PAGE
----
For this, Big E’s first backpacking trip, Mountain Dad chose a short hike to an alpine lake. The entire trip was less than three miles, and it would’ve been an easy experience all around, if it weren’t for diarrhea and thunderstorms.
Diarrhea and Thunderstorms
As with all outdoor adventures with children, you should always expect the unexpected. In this case, the unexpected began when Big E complained of an upset tummy.
As you’ll learn in Backpacking 101, there’s an appropriate way to deal with poop in the outdoors. It involves digging a cat hole at least six inches deep and using that as an outdoor toilet (the smearing is just under extreme circumstances). Mountain Dad reported that after helping Big E once successfully, nature called again in rapid succession. Before he could get another outdoor toilet dug, there was a diarrhea accident.*
This situation is bad no matter how you look at it, but for added awkwardness, imagine having just one change of clothes, minimal wipes or washcloths and having to pack out everything you brought in. Then imagine you disregarded your mother’s advice to always wear clean underwear and decided to go commando.
At that point, I probably would’ve packed up and gone home, but Mountain Dad was determined. He helped clean up, put the mess in an Odor-Barrier Bag and they all lay down for bed.
During the night a storm rolled in. Wanting to keep packs light, Mountain Dad and Tio Monte brought a fifteen-year-old Kelty Noah’s Tarp and ground cover instead of a tent. While the set up handled the evening drizzle well, when the real rain started in the early morning, the Noah’s Tarp failed, dripping water over everyone and everything. Soaked and tired, Tio Monte and Mountain Dad packed up camp while Big E and his cousin hid under a sleeping bag.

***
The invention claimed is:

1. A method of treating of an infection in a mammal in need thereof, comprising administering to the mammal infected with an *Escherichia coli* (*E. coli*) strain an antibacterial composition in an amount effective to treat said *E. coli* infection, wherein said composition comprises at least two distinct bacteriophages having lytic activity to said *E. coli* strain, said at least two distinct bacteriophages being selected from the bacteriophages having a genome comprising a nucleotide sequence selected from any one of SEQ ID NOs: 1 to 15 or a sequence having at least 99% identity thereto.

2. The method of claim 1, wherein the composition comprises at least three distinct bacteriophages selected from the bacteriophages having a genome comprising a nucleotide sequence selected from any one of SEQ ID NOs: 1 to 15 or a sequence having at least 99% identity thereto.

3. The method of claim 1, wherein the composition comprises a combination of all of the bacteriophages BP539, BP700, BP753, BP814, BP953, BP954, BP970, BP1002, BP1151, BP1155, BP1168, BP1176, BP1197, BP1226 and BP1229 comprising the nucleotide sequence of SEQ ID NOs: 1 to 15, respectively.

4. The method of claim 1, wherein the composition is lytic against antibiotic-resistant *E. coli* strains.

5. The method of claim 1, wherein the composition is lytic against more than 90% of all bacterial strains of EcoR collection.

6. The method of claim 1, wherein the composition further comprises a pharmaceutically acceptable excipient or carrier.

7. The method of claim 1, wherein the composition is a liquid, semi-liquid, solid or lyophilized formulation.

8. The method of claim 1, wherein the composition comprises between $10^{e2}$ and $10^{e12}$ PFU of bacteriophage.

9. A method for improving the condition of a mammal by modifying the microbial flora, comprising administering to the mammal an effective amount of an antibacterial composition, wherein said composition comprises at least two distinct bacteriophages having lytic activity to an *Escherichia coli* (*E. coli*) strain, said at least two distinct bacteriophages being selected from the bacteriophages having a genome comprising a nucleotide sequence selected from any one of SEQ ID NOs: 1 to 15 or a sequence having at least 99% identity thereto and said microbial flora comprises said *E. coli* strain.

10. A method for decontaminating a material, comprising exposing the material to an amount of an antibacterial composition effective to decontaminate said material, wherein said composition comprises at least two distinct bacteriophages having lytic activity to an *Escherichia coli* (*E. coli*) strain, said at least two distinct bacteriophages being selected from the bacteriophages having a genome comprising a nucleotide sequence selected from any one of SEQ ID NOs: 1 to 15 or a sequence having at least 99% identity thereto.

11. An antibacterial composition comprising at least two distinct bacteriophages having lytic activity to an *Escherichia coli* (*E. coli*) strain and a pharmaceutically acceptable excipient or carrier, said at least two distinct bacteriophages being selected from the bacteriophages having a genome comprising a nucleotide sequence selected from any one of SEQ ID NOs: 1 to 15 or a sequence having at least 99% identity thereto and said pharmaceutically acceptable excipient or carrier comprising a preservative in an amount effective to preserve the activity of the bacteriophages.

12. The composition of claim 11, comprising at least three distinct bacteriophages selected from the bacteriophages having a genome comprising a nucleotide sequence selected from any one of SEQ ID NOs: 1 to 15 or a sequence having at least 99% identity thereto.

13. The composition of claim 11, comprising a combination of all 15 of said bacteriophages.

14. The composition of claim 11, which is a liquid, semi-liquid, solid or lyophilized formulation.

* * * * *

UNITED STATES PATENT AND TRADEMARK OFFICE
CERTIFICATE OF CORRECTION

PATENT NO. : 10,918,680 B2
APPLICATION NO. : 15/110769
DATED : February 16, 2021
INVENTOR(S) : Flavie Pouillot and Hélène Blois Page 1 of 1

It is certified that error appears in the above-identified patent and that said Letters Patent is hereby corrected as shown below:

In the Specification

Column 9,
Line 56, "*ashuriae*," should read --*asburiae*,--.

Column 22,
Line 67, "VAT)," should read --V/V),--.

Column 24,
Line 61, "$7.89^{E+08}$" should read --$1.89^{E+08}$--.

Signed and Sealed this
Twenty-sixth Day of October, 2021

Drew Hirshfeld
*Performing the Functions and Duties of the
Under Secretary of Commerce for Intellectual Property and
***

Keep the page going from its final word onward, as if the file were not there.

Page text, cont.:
*Big E is going to love it when I share this post with his future girlfriends.
Power of Positivity
Back at the trail head, Mountain Dad felt a bit bummed that the trip didn’t go as planned. So in an effort to still enjoy the experience, the group stopped for a warm breakfast near a waterfall. The rain had stopped, Big E felt better and it was high time for some scenic outdoor therapy.
Now that they felt safe, dry and satiated, the trip didn’t seem so bad. In fact, later, when I asked the kids what they liked about backpacking, here’s what they said:
Cousin E: “Everything…except for the rain.”
Big E: “Same!”
Both cousins enjoyed the experience, despite the discomforts involved. I guess that goes to show how powerful and fun the outdoors can be. It can even help you forget the tough times.
Future Family Backpacking
Even with this rocky start to family backpacking, I feel confident that in the next few years we’ll be hitting the backcountry more. Part of that confidence comes from education, and Backpacking 101 is a great book for that.
Once all my children can walk five miles on their own without being carried, I will take them backpacking. For now, I’ll just enjoy hearing Mountain Dad’s stories about it.
Have you taken your kids backpacking? How was the experience?
See you in the outdoors!
PS – This post includes affiliate links. If you purchase something after clicking on these links I may make a dollar or two. Please do, then I can save up for a real backpacking tent.
PPS – For more camping tips, and to see the gear we use and love, check out our camping resources page.